“Divided, extreme and out-of-date.” These are the words that have dominated a torrid few months of headlines for Labour. News of Andrew Adonis’ recent appointment as chair of Osborne’s National Infrastructure Commission has added to this image, with Labour insiders squabbling publicly over the merits of the move.
Many centrists in the party, feeling neglected and unrepresented, fear they have no choice but to speak out – rather divided and right than united and politically neutered, perhaps. It’s easier to lament the election of Corbyn as leader, and to pretend that Diane Abbott’s 17,000 votes for London Mayor were from a Labour party to which they do not relate.
Policy disagreements are inevitable in this climate and will be hard to juggle as Corbyn settles in, but there’s another casualty, too: Labour’s achievements in government. Labour has lost that sense of collective pride, and with it, the Party’s killer instinct. Only collectively can it be regained.
Contrary to popular opinion, this isn’t a ‘Blairite pragmatist v. Corbynite idealist’ issue – Labour have had some strong policies over the years from all corners of the party. The problem, however, is one of ownership. Passion and conviction play their part in politics, but so too does ownership. Without it, the other qualities become obsolete.
Labour, isn’t good at taking credit, and hasn’t been for some time. The Tories, on the other hand, are excellent at it. The successful and popular installation of hire-bikes throughout London were the brainchild of Ken Livingstone, former Labour London mayor. “Boris bikes”, however, will define their legacy, and honour London’s current Conservative leader. Lord Freud worked for years on welfare reform, a policy area that was the heartbeat of the Labour party, before defecting to the Conservatives where he worked to bolster their policies instead. The Conservatives celebrated their coup and resulting ‘softer’ policies triumphantly. Labour hung their heads in silent shame.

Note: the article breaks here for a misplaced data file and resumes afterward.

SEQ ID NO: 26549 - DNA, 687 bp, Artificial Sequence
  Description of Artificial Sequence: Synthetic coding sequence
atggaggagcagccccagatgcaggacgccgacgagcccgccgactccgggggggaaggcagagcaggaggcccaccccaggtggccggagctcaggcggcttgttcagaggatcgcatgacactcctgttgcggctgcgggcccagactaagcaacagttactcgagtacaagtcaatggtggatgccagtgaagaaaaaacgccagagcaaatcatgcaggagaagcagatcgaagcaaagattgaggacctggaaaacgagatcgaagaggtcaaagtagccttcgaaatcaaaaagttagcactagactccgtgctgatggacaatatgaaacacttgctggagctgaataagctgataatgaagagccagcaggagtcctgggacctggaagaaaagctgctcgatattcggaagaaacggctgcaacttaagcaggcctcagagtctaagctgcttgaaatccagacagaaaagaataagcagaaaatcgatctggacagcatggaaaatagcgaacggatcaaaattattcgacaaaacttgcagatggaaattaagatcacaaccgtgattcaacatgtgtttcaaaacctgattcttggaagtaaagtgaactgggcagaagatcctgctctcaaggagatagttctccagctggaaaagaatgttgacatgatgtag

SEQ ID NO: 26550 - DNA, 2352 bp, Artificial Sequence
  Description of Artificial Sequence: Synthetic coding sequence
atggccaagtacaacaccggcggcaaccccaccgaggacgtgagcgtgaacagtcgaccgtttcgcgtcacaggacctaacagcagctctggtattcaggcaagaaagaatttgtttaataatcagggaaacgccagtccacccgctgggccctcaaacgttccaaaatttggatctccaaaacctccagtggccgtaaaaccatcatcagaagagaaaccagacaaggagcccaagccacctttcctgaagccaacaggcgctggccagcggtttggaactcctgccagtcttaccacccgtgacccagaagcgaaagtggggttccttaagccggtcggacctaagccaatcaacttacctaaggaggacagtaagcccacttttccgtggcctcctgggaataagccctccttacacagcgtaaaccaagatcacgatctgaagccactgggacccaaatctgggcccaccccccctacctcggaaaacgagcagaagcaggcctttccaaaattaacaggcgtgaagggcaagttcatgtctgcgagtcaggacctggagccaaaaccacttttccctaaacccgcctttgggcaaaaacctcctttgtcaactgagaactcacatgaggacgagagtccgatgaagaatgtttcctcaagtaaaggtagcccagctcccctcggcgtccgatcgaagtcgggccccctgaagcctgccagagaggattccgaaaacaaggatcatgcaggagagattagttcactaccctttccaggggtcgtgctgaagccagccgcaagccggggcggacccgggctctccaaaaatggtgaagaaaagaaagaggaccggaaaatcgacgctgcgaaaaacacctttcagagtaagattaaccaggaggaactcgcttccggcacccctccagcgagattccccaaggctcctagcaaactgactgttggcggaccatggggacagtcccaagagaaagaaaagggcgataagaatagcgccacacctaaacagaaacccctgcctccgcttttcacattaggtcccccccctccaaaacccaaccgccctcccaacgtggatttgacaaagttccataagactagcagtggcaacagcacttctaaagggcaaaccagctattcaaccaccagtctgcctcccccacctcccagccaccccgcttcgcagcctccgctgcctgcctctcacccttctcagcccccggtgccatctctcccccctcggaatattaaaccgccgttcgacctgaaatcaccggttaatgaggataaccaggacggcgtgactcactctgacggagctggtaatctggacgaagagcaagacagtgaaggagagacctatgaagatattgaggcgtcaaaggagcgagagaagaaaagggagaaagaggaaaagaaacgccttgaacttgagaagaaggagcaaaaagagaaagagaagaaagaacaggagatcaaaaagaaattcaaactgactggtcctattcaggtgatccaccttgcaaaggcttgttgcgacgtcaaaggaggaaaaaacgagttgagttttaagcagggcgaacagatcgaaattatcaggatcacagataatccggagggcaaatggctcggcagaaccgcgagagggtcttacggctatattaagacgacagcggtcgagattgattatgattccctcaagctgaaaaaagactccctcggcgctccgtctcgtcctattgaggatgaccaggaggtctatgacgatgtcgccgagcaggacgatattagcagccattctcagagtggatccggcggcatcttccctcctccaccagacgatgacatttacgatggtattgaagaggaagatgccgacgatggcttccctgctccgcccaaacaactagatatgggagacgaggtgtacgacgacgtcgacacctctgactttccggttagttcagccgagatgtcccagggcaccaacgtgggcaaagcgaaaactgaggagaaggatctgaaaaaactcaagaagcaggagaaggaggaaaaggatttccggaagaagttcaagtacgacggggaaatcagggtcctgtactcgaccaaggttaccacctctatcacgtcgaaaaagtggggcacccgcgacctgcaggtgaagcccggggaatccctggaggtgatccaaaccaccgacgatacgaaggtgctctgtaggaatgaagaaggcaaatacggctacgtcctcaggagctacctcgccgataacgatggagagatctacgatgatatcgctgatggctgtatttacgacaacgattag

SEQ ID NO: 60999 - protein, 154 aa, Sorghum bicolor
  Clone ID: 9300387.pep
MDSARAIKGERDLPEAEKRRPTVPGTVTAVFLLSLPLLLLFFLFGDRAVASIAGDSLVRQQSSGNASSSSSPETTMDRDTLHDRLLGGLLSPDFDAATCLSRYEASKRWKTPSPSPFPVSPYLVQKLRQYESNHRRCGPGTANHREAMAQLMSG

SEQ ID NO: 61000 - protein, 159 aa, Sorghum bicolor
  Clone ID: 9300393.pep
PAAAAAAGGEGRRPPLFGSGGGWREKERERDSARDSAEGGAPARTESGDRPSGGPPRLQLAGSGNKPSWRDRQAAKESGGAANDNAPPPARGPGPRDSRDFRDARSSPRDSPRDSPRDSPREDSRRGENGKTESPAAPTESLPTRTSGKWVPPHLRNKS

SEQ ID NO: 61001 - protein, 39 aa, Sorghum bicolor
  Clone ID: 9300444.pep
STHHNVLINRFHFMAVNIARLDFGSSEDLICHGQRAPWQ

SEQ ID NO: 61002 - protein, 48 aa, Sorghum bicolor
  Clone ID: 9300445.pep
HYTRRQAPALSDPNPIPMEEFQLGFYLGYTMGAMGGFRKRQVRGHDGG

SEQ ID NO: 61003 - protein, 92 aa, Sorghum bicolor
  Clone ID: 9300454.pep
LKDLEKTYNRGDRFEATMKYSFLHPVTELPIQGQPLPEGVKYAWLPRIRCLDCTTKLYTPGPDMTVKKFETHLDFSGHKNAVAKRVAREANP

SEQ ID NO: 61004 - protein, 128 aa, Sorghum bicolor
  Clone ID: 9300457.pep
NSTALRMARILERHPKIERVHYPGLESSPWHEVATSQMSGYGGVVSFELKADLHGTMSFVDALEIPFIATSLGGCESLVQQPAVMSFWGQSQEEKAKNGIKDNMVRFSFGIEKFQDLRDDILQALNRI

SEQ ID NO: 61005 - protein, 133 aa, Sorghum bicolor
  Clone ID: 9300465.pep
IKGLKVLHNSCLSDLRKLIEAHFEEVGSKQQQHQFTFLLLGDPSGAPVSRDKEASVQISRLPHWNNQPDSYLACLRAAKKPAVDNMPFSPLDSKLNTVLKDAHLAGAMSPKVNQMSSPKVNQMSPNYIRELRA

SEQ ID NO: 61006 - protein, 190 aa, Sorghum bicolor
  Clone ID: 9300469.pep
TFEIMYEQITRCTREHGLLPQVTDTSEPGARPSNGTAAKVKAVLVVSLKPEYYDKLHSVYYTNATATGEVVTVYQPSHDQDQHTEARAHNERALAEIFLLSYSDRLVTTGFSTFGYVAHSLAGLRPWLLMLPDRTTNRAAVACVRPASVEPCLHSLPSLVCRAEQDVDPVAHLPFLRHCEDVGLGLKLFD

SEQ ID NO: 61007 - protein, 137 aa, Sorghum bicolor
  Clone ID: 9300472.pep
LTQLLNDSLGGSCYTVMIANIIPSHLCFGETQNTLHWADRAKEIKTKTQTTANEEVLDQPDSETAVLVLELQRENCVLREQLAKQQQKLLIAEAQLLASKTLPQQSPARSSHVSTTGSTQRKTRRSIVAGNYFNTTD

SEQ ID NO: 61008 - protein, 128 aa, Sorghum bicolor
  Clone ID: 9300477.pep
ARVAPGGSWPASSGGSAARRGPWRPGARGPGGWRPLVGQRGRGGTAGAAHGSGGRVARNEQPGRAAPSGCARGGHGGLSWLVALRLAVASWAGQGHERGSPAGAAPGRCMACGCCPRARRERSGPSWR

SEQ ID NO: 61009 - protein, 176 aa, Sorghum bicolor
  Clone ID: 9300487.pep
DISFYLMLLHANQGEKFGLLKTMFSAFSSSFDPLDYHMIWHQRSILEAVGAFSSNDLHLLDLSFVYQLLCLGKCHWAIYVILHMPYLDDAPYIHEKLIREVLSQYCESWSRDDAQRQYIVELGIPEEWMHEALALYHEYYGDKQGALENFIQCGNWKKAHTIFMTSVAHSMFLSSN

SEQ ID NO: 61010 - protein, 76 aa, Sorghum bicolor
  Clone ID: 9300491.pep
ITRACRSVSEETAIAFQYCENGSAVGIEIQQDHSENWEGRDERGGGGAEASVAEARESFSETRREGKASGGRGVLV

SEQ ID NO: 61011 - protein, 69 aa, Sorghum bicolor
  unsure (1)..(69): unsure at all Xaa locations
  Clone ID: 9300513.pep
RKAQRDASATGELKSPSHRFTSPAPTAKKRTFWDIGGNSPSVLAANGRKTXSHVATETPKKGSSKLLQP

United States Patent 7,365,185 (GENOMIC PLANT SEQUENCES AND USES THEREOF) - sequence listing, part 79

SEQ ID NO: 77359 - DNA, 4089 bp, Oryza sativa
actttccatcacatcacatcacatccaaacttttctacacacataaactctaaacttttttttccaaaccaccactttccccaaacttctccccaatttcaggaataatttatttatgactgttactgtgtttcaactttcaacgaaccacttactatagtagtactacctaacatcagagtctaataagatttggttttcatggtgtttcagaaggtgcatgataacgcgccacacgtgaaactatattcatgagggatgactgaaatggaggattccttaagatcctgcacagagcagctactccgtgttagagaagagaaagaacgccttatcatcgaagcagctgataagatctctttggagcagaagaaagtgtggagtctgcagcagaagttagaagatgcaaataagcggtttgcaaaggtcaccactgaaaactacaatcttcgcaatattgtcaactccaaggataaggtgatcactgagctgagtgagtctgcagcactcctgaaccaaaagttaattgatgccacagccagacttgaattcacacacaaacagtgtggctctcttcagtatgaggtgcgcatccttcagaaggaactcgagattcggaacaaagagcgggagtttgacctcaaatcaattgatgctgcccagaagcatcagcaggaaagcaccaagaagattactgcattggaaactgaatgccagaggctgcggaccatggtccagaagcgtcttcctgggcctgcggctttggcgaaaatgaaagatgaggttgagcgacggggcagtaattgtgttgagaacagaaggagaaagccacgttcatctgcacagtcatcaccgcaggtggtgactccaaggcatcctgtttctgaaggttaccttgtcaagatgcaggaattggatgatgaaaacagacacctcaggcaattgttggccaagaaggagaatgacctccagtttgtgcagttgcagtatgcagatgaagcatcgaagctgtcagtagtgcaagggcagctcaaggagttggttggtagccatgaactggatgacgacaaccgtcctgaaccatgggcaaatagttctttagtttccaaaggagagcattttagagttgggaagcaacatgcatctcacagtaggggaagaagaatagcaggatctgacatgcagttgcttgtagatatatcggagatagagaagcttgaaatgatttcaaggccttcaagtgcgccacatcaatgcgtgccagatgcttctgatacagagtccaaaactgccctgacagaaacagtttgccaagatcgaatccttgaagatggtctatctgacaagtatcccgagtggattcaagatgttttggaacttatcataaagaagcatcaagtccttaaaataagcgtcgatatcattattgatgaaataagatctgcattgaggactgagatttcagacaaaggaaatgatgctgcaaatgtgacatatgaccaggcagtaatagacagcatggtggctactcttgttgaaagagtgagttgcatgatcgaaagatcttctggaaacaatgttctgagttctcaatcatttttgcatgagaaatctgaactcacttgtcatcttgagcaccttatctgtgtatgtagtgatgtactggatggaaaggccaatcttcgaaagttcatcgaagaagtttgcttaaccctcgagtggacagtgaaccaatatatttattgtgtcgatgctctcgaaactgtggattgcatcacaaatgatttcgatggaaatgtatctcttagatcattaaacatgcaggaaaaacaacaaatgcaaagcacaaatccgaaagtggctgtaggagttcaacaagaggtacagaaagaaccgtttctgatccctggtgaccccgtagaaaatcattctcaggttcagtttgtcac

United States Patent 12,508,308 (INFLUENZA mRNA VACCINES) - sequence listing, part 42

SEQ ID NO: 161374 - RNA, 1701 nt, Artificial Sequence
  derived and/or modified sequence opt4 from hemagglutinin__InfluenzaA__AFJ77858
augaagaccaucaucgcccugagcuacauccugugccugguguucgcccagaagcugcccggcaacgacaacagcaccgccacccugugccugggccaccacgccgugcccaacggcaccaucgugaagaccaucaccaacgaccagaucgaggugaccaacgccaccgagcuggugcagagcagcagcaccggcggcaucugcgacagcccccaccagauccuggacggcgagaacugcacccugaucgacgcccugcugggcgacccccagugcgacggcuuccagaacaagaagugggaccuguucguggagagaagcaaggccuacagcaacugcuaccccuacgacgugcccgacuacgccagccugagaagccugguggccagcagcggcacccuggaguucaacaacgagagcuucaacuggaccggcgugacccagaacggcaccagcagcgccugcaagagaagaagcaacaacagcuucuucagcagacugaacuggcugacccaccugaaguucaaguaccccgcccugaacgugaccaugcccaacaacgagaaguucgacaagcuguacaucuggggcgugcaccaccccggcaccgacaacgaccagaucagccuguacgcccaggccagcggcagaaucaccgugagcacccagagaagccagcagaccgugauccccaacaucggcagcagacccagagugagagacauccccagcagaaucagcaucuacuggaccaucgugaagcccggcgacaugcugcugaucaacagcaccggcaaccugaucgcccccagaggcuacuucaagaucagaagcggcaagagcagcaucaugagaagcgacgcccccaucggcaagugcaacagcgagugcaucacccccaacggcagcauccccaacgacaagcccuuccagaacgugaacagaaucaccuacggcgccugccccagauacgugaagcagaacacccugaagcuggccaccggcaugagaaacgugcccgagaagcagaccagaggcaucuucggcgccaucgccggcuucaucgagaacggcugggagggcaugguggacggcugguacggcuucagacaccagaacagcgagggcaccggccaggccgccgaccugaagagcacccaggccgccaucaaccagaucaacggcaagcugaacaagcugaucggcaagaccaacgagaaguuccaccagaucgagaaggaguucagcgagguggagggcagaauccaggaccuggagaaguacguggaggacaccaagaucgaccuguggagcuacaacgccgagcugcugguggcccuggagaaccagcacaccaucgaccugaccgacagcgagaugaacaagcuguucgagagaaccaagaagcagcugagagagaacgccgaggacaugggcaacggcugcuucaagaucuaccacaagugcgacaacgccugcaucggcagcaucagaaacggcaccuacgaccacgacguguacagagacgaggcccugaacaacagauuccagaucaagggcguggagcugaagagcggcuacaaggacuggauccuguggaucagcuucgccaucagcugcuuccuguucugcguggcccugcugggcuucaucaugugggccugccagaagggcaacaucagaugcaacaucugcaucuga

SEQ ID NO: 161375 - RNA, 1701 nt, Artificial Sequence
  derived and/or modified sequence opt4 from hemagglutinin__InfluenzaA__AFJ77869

Since the election, Osborne has thrown himself into the role of “magpie chancellor”, and Tory ministers have trotted out ideas almost identical to those in Labour’s manifesto. Income tax policy, business rates, the living wage – all areas where Osborne has poached from others. A political triumph for the Conservatives, another chance gone begging for Labour.
Why is the party not up in arms, bellowing in rage that these were the brainchildren of their movement? How has it become this easy for the Conservative PR machine to claim credit for Labour triumphs, and pitch itself as the party of working people?
When the Adonis announcement was made, the headlines suggested on first glance that he had torn up his Labour membership card and jumped on the Tory front-bench. In fact, his specific talents had been acknowledged by a committee that needed a forward-thinking, proactive politician at its helm – he resigned the whip, not the party.
“A full-throated endorsement of Adonis’ appointment,” was needed, argued John McTernan, Tony Blair’s former director of political operations. The opposite came. Labour were left babbling that the move provided a distraction for the Tories’ true agenda of tax-cuts for the rich and increasing austerity for the poor. Only one side came out looking mature and in control.
In fact, McTernan claimed at a recent Fabian event that “there has been systematic undermining of Labour’s progressive achievements for years within the party” – a result of deliberate political manoeuvring from the Brown camp as a means of getting Blair out of Number 10. The installation of Milliband and his entourage saw them swiftly jump on the same bandwagon. As Blair’s name became synonymous with the Iraq war, so too did many of the party’s successful policies from that era.
This ‘Blair conundrum’ weighs heavy on the party’s moderates. Minimum wage, education policy, the Good Friday Agreement – all are inextricably linked to Blair. The Party still finds itself afraid to champion its achievements and to claim them as its own.
Jeremy Corbyn and his left-wing policies aren’t the dividing factor – instead, it’s the Labour party’s inability to champion its successes as a united group. It is in its failure to unite behind common achievements that Labour demonstrates how divided it is.